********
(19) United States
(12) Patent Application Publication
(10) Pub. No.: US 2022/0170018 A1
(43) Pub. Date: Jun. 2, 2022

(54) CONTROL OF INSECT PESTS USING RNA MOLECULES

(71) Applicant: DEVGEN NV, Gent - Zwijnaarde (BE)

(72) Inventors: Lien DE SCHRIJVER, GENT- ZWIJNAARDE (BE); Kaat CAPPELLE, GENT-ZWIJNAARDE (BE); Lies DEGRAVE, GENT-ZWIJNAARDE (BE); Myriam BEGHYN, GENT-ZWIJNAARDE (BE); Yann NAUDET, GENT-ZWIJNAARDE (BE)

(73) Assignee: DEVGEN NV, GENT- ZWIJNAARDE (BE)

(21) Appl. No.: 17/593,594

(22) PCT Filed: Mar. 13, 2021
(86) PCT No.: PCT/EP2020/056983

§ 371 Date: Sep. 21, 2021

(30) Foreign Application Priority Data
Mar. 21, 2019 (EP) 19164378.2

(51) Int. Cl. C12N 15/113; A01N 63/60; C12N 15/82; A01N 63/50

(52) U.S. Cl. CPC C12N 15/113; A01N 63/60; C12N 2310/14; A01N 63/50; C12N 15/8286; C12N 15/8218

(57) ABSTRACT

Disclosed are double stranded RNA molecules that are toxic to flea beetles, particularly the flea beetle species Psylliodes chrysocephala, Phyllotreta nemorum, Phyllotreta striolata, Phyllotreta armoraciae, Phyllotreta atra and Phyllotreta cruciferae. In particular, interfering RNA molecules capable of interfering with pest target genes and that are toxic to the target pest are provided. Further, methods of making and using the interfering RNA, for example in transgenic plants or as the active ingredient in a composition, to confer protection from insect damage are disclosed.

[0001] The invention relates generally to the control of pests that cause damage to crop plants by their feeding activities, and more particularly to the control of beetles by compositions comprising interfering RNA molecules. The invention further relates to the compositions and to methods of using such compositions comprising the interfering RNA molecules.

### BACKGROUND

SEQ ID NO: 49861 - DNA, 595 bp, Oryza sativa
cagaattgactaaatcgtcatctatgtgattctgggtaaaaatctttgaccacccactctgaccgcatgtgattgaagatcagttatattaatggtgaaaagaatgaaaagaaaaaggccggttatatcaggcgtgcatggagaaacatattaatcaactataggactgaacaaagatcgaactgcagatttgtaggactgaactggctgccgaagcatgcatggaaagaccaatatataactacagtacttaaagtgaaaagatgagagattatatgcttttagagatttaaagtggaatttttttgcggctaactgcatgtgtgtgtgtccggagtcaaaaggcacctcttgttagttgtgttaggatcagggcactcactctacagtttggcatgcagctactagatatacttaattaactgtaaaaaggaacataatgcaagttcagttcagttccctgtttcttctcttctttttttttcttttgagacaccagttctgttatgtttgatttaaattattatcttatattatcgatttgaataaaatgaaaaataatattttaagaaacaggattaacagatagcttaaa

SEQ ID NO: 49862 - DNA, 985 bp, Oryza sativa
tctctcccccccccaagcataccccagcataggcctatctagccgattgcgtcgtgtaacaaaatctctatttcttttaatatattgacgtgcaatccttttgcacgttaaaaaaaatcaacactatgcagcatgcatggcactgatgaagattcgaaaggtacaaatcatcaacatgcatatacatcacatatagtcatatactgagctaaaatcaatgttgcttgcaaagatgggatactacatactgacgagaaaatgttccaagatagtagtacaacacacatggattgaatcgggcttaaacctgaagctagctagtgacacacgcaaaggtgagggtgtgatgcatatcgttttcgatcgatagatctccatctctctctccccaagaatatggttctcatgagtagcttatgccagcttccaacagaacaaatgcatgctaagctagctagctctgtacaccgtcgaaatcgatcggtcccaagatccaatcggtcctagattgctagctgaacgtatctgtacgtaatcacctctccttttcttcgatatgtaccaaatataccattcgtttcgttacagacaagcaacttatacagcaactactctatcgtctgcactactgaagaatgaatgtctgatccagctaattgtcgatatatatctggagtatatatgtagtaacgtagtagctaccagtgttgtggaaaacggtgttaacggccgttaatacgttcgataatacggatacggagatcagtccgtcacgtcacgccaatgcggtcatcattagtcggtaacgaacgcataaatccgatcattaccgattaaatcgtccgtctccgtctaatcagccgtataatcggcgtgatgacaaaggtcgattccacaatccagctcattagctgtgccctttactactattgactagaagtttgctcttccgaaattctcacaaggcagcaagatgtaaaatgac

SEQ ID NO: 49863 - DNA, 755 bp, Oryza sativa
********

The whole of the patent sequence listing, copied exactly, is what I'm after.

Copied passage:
(19) United States
(12) Patent Application Publication
(10) Pub. No.: US 2022/0170018 A1
(43) Pub. Date: Jun. 2, 2022

(54) CONTROL OF INSECT PESTS USING RNA MOLECULES

(71) Applicant: DEVGEN NV, Gent - Zwijnaarde (BE)

(72) Inventors: Lien DE SCHRIJVER, GENT- ZWIJNAARDE (BE); Kaat CAPPELLE, GENT-ZWIJNAARDE (BE); Lies DEGRAVE, GENT-ZWIJNAARDE (BE); Myriam BEGHYN, GENT-ZWIJNAARDE (BE); Yann NAUDET, GENT-ZWIJNAARDE (BE)

(73) Assignee: DEVGEN NV, GENT- ZWIJNAARDE (BE)

(21) Appl. No.: 17/593,594

(22) PCT Filed: Mar. 13, 2021
(86) PCT No.: PCT/EP2020/056983

§ 371 Date: Sep. 21, 2021

(30) Foreign Application Priority Data
Mar. 21, 2019 (EP) 19164378.2

(51) Int. Cl. C12N 15/113; A01N 63/60; C12N 15/82; A01N 63/50

(52) U.S. Cl. CPC C12N 15/113; A01N 63/60; C12N 2310/14; A01N 63/50; C12N 15/8286; C12N 15/8218

(57) ABSTRACT

Disclosed are double stranded RNA molecules that are toxic to flea beetles, particularly the flea beetle species Psylliodes chrysocephala, Phyllotreta nemorum, Phyllotreta striolata, Phyllotreta armoraciae, Phyllotreta atra and Phyllotreta cruciferae. In particular, interfering RNA molecules capable of interfering with pest target genes and that are toxic to the target pest are provided. Further, methods of making and using the interfering RNA, for example in transgenic plants or as the active ingredient in a composition, to confer protection from insect damage are disclosed.

[0001] The invention relates generally to the control of pests that cause damage to crop plants by their feeding activities, and more particularly to the control of beetles by compositions comprising interfering RNA molecules. The invention further relates to the compositions and to methods of using such compositions comprising the interfering RNA molecules.

### BACKGROUND

SEQ ID NO: 49861 - DNA, 595 bp, Oryza sativa
cagaattgactaaatcgtcatctatgtgattctgggtaaaaatctttgaccacccactctgaccgcatgtgattgaagatcagttatattaatggtgaaaagaatgaaaagaaaaaggccggttatatcaggcgtgcatggagaaacatattaatcaactataggactgaacaaagatcgaactgcagatttgtaggactgaactggctgccgaagcatgcatggaaagaccaatatataactacagtacttaaagtgaaaagatgagagattatatgcttttagagatttaaagtggaatttttttgcggctaactgcatgtgtgtgtgtccggagtcaaaaggcacctcttgttagttgtgttaggatcagggcactcactctacagtttggcatgcagctactagatatacttaattaactgtaaaaaggaacataatgcaagttcagttcagttccctgtttcttctcttctttttttttcttttgagacaccagttctgttatgtttgatttaaattattatcttatattatcgatttgaataaaatgaaaaataatattttaagaaacaggattaacagatagcttaaa

SEQ ID NO: 49862 - DNA, 985 bp, Oryza sativa
tctctcccccccccaagcataccccagcataggcctatctagccgattgcgtcgtgtaacaaaatctctatttcttttaatatattgacgtgcaatccttttgcacgttaaaaaaaatcaacactatgcagcatgcatggcactgatgaagattcgaaaggtacaaatcatcaacatgcatatacatcacatatagtcatatactgagctaaaatcaatgttgcttgcaaagatgggatactacatactgacgagaaaatgttccaagatagtagtacaacacacatggattgaatcgggcttaaacctgaagctagctagtgacacacgcaaaggtgagggtgtgatgcatatcgttttcgatcgatagatctccatctctctctccccaagaatatggttctcatgagtagcttatgccagcttccaacagaacaaatgcatgctaagctagctagctctgtacaccgtcgaaatcgatcggtcccaagatccaatcggtcctagattgctagctgaacgtatctgtacgtaatcacctctccttttcttcgatatgtaccaaatataccattcgtttcgttacagacaagcaacttatacagcaactactctatcgtctgcactactgaagaatgaatgtctgatccagctaattgtcgatatatatctggagtatatatgtagtaacgtagtagctaccagtgttgtggaaaacggtgttaacggccgttaatacgttcgataatacggatacggagatcagtccgtcacgtcacgccaatgcggtcatcattagtcggtaacgaacgcataaatccgatcattaccgattaaatcgtccgtctccgtctaatcagccgtataatcggcgtgatgacaaaggtcgattccacaatccagctcattagctgtgccctttactactattgactagaagtttgctcttccgaaattctcacaaggcagcaagatgtaaaatgac

SEQ ID NO: 49863 - DNA, 755 bp, Oryza sativa